They are the necessary fundamentals that need to be in place to enable growth polices to take off. These issues need to be the basic fundamental advocacy position of an EO. Without these elements in place, growth, enterprise development, and job creation is unlikely to happen in a sustainable fashion in the long run.

A clear policy statement to this effect is the very first starting point.

1.2 Incorporating Values

All organizations have values, but not all identify or list them. In addition to statements of first principles, setting out core beliefs and objectives (i.e. why the organization exists) many employer organizations have adopted statements of values describing the attributes by which the organization will conduct its affairs (i.e. how the organization intends to go about achieving its stated goals).

The culture of an organization can be defined as the sum total of its values and the way they are implemented. Value statements often reflect both the aspiration, and the reality. The value or values that underpin a positive or a negative culture are imprecise, but nonetheless tangible. They often reflect the unspoken mood and feel of an organization and its leadership. For example, it does not take long to work in an organization or to be a client of a business to determine if it has a positive 'service-based' culture, or conversely a negative 'just-do-the-minimum-necessary' culture. Examples of positive values often reflected by employers' organizations include 'creativity', 'professionalism', 'inclusiveness', 'persistence', 'excellence' and 'independence', but there are many more.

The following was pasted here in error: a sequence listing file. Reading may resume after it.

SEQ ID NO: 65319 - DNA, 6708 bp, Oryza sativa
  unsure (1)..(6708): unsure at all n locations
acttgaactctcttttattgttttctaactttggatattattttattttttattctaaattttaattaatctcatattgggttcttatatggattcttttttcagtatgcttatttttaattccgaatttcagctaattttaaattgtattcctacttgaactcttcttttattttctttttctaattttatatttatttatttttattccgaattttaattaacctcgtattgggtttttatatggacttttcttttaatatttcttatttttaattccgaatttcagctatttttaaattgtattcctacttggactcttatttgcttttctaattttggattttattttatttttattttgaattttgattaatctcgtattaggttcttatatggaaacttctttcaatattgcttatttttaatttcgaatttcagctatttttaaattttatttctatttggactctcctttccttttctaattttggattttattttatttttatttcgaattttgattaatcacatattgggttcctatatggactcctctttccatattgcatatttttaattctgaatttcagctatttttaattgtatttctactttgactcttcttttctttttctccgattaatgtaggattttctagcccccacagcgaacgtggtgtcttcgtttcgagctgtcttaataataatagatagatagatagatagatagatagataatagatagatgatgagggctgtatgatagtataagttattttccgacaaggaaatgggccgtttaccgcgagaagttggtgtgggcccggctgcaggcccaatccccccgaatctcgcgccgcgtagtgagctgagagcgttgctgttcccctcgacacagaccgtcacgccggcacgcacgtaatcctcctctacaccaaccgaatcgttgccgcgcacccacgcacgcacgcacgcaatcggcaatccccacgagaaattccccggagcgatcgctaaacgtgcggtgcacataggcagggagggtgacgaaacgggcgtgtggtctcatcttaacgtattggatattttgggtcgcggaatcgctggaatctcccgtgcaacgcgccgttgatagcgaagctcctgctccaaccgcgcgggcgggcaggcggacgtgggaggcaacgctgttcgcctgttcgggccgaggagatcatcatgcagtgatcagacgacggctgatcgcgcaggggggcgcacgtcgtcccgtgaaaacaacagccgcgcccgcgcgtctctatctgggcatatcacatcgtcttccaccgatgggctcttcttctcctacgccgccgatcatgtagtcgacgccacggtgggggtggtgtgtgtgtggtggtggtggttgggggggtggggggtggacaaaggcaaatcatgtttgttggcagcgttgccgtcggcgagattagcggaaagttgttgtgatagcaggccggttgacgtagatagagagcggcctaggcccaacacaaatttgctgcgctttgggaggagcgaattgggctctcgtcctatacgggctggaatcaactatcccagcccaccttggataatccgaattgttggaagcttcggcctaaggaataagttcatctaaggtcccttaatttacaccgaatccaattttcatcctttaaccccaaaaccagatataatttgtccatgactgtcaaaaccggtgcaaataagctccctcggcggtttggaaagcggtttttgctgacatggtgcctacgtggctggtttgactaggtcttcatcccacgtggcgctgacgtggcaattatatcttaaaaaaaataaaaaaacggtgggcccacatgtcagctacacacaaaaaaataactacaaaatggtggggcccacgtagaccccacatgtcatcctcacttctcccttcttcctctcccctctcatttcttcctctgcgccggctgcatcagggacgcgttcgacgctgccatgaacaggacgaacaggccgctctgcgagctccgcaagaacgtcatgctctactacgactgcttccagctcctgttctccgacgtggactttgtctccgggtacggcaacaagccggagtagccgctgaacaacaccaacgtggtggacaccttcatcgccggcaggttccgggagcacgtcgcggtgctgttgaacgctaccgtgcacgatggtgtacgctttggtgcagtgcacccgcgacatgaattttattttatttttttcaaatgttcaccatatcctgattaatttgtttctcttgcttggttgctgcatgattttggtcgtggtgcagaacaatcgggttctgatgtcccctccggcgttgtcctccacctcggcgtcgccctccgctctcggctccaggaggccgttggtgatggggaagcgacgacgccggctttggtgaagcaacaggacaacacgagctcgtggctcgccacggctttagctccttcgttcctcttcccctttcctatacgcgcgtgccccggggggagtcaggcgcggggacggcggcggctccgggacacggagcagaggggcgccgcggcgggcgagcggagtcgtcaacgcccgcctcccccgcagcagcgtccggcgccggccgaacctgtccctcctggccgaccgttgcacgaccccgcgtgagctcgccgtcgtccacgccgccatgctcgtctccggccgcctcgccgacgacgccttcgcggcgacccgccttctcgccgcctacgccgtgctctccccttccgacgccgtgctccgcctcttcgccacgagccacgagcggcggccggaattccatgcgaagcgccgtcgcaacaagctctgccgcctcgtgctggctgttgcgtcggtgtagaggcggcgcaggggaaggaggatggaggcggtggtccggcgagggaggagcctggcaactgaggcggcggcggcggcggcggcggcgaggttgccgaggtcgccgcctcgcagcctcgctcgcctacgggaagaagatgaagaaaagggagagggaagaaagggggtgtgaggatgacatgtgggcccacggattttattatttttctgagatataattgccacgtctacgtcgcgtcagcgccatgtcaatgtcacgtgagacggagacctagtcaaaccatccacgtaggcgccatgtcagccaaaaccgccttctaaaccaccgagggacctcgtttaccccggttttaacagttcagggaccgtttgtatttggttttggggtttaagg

Given that values and cultures are a reflection of the collective ethic of officers, executives and staff, it is highly desirable that statements of values be developed through an inclusive process, such as workshops and team meetings. Experience in a number of employers' organizations, and businesses more generally, suggests that the development of statements of values can be an enriching and bonding experience amongst executives and staff if undertaken in a forward-looking and non-judgmental manner. The implementation of agreed organizational values can create coherence and direction for those involved in its leadership, operational activities, and service delivery.

Broadly speaking, values are the inherent beliefs held by individuals while culture describes the behaviour of a group of like-minded people. Different nations, different groups of people, or different societies are likely to have different values, and often, people with similar values will group together. Values can include ethical and moral values, political values, social and aesthetic values, etc.

Values imply that people have choices – and the choices that they make will be guided by their values. Shared values are likely to lead to mutual trust and to consistent decision-making. If everyone in the business believes everyone will take the 'right' decision in a given set of circumstances, then there is less need for hierarchical control and more scope to encourage personal responsibility and initiative. This will result not only in a stronger focus on achieving the organization's goals but also in a more motivated workforce.

"We are dedicated to serving our members promptly and professionally. We are committed to the highest standards of ethics and integrity, to being a cutting-edge employer, and to fostering a working environment and culture within which people will treat each other with mutual respect and trust."

(1) This section is adapted from an article by Peter Anderson, Chief Executive of the Australian Chambers of Commerce and Industry: "What the Private Sector expects from its representative organizations" IOE Labour and Social Policy Review, 2009,

(2) The Commission on Growth and Development: Final Report, 2008.